Here are the top stories covered by DocWire News this week in the Cardiology section. This edition includes bad news if you like red mean, but good news if you are OK to swap in some healthier proteins. Also, a short respiratory workout was linked with improved cognitive function, and also the perils of receiving a diabetes diagnosis before age 40.
Diets high in animal protein increases mortality risk, according to an analysis of the Kuopio Ischaemic Heart Disease Risk Factor Study published in the American Journal of Clinical Nutrition. The 2,641-participant study looked at dietary intakes and collected data on the disease deaths from the national disease register. The results suggested that higher intakes of total protein and animal protein were borderline significantly associated with increased mortality risk, and higher animal protein intake and higher meat intake were both associated with increased mortality.
A short inspiratory workout was associated with improved measures of brain function, according to new study results. Using inspiratory muscle training, researchers determined that the training may also help reduce the risk of a heart attack. The therapy involves breathing vigorously into a hand-held device (inspiratory muscle trainer), which provides resistance. Participants performed 30-minute low resistance training. With about half of the tests in their study completed, the researchers are reporting significant drops in blood pressure, and improved artery function in those performing the therapy, as well as better performance on cognitive and memory tests.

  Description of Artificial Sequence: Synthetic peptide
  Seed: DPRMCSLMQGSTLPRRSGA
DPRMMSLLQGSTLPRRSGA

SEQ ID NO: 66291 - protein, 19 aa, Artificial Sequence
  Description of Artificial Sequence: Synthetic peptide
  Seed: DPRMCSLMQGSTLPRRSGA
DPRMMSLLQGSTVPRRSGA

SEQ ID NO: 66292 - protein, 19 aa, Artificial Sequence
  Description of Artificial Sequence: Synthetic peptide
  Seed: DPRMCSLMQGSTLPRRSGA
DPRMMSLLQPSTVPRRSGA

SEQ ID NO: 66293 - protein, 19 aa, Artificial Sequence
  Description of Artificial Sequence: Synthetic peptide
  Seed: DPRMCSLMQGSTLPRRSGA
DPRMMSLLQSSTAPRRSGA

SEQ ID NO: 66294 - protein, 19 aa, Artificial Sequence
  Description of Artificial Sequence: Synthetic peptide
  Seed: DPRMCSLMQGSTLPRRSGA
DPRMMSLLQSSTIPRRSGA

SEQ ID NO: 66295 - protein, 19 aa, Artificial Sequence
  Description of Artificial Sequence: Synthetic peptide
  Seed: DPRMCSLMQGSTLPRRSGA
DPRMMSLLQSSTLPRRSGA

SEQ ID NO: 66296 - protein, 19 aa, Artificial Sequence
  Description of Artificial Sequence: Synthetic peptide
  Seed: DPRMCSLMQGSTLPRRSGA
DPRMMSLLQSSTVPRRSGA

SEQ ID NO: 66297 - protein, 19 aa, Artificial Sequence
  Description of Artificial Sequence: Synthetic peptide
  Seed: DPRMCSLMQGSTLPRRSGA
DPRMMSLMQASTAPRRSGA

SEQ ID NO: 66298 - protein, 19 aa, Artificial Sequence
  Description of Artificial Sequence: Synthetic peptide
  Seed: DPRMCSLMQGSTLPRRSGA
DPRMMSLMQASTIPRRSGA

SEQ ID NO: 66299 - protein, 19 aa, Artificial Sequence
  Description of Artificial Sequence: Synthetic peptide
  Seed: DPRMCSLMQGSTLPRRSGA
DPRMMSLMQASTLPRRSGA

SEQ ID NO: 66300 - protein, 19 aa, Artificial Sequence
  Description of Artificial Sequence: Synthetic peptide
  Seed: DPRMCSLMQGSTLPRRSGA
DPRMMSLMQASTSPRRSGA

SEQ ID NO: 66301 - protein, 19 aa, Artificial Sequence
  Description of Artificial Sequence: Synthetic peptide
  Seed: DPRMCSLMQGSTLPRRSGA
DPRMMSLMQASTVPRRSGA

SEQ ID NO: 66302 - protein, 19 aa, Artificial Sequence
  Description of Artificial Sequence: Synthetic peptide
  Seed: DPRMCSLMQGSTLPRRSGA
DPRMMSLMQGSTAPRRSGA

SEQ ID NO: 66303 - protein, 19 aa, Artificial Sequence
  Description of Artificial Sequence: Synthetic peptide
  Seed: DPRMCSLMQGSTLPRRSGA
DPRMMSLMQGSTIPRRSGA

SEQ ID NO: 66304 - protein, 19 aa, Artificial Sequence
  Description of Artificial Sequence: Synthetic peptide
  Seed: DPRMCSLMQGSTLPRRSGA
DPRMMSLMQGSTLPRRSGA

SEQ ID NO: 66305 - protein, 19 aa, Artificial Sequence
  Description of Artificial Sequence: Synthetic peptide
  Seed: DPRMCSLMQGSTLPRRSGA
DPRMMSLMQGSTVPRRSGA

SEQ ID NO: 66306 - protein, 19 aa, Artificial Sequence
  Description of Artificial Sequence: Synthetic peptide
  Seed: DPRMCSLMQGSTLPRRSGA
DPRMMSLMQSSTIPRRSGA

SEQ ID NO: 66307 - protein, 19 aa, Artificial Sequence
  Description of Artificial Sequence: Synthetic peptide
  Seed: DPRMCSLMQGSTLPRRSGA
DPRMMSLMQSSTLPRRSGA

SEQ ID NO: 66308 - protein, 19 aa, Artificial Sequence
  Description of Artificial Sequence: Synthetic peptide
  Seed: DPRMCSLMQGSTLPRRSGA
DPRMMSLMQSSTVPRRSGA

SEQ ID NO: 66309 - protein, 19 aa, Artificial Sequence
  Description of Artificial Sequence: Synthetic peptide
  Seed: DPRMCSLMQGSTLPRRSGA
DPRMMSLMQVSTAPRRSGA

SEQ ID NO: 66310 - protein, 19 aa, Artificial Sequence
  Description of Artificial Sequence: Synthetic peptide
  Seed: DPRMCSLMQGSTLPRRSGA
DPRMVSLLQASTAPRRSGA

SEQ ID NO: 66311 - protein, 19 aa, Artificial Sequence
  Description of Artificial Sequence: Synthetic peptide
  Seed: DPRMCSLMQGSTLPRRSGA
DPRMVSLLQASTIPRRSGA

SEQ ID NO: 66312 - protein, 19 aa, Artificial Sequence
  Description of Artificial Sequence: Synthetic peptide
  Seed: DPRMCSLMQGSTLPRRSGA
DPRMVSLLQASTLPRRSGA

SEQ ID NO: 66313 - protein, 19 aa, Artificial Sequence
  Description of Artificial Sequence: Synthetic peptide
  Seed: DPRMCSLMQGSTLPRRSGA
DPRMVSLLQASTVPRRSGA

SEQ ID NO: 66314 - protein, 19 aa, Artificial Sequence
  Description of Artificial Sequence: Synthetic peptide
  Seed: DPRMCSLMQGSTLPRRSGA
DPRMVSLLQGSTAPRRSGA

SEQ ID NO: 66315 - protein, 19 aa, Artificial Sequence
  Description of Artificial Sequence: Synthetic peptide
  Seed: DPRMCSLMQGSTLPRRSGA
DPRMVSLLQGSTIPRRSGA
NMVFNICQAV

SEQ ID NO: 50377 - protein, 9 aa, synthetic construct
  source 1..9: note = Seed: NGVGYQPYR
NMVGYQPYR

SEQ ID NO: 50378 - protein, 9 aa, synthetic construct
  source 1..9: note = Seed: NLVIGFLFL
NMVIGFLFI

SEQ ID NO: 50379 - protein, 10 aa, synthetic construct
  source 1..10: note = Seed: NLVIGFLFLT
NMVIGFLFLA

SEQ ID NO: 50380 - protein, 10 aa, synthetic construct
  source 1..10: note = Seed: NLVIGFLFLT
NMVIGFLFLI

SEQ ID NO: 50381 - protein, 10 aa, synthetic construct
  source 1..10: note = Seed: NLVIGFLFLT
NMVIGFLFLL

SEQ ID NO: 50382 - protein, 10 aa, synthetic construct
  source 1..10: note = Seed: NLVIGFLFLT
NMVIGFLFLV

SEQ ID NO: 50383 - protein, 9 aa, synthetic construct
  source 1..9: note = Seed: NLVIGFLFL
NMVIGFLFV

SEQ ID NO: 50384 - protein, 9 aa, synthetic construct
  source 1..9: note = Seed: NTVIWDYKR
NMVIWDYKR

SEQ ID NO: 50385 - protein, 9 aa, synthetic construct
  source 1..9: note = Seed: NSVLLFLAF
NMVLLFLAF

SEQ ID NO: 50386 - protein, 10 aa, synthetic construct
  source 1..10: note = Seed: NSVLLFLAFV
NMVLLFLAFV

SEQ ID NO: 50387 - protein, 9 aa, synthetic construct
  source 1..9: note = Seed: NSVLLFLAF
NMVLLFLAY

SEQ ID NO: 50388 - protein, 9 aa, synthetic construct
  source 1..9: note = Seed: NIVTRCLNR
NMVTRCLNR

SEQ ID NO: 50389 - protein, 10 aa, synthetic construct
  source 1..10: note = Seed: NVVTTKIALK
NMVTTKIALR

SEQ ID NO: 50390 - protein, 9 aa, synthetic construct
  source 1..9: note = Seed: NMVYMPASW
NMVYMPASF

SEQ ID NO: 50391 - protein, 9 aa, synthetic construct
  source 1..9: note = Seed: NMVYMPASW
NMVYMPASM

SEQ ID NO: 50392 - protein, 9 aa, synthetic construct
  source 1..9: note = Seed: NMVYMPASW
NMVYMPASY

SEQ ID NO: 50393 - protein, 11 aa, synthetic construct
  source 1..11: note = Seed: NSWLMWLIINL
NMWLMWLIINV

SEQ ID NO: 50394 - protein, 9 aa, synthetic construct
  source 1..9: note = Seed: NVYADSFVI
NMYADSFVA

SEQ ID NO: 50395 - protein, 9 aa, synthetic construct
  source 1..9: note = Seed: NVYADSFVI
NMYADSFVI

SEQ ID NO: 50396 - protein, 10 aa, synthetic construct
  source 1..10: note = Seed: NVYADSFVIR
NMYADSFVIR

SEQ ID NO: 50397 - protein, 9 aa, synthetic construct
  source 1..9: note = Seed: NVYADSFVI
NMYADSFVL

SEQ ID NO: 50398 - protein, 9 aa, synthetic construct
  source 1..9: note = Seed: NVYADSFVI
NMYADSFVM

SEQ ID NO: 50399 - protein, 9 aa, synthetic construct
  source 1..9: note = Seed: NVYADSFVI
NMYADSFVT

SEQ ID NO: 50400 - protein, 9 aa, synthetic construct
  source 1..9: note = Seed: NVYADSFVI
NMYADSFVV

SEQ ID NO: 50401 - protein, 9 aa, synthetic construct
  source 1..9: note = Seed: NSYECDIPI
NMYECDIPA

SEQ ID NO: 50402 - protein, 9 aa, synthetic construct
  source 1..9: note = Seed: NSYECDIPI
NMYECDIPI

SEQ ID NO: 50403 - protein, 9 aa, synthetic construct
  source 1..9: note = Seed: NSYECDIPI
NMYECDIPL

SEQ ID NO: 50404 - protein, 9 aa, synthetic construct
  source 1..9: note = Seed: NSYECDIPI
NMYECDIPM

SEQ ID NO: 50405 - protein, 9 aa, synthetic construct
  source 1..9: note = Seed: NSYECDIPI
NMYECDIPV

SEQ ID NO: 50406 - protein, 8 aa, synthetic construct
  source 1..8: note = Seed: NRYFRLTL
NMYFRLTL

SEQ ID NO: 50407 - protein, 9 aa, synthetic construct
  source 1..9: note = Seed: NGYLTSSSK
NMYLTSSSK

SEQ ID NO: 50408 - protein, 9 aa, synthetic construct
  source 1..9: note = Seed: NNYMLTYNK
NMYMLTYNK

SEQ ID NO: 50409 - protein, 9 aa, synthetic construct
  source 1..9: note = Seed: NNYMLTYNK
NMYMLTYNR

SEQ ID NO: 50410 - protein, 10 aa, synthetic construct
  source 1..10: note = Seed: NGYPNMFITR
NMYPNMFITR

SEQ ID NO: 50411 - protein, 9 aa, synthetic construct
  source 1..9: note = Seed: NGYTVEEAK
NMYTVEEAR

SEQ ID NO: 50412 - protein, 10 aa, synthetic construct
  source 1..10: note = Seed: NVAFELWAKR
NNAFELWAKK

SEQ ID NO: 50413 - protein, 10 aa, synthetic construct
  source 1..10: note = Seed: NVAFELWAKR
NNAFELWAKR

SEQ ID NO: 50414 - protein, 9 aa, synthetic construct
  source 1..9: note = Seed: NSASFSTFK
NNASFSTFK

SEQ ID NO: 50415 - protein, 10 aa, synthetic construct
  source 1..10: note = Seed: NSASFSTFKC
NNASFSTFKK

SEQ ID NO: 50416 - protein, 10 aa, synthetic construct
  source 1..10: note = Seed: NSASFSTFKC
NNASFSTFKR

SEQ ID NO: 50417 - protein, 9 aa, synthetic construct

High-quality plant proteins swapped for red meat can be beneficial to heart health, according to a new study in Circulation. The meta-analysis included 36 studies and 1,803 participants. The analysis focused on randomized controlled trials examining the health effects of red meats relative to other foods. According to the study results, diets that included more high-quality plant proteins such as nuts, in place of red meat consumption, improved cholesterol, blood pressure, and apolipoprotein levels. “Asking ‘Is red meat good or bad?’ is useless,” one of the authors said. “It has to be ‘Compared to what?’ If you replace burgers with cookies or fries, you don’t get healthier. But if you replace red meat with healthy plant protein sources, like nuts and beans, you get a health benefit.”
A diabetes diagnosis before age of 40 was associated with poorer outcomes and increased risk for cardiovascular mortality, according to a new analysis in Circulation. Researchers for this paper looked at the Swedish National Diabetes Registry and included data from 318,083 individuals with type 2 diabetes mellitus (along with more than 1.5 million matched controls) and followed their deaths from heart disease between 1998 and 2014. Those diagnosed with diabetes before age 40 had the highest risk of cardiovascular mortality, non-cardiovascular mortality, heart failure, and coronary heart disease.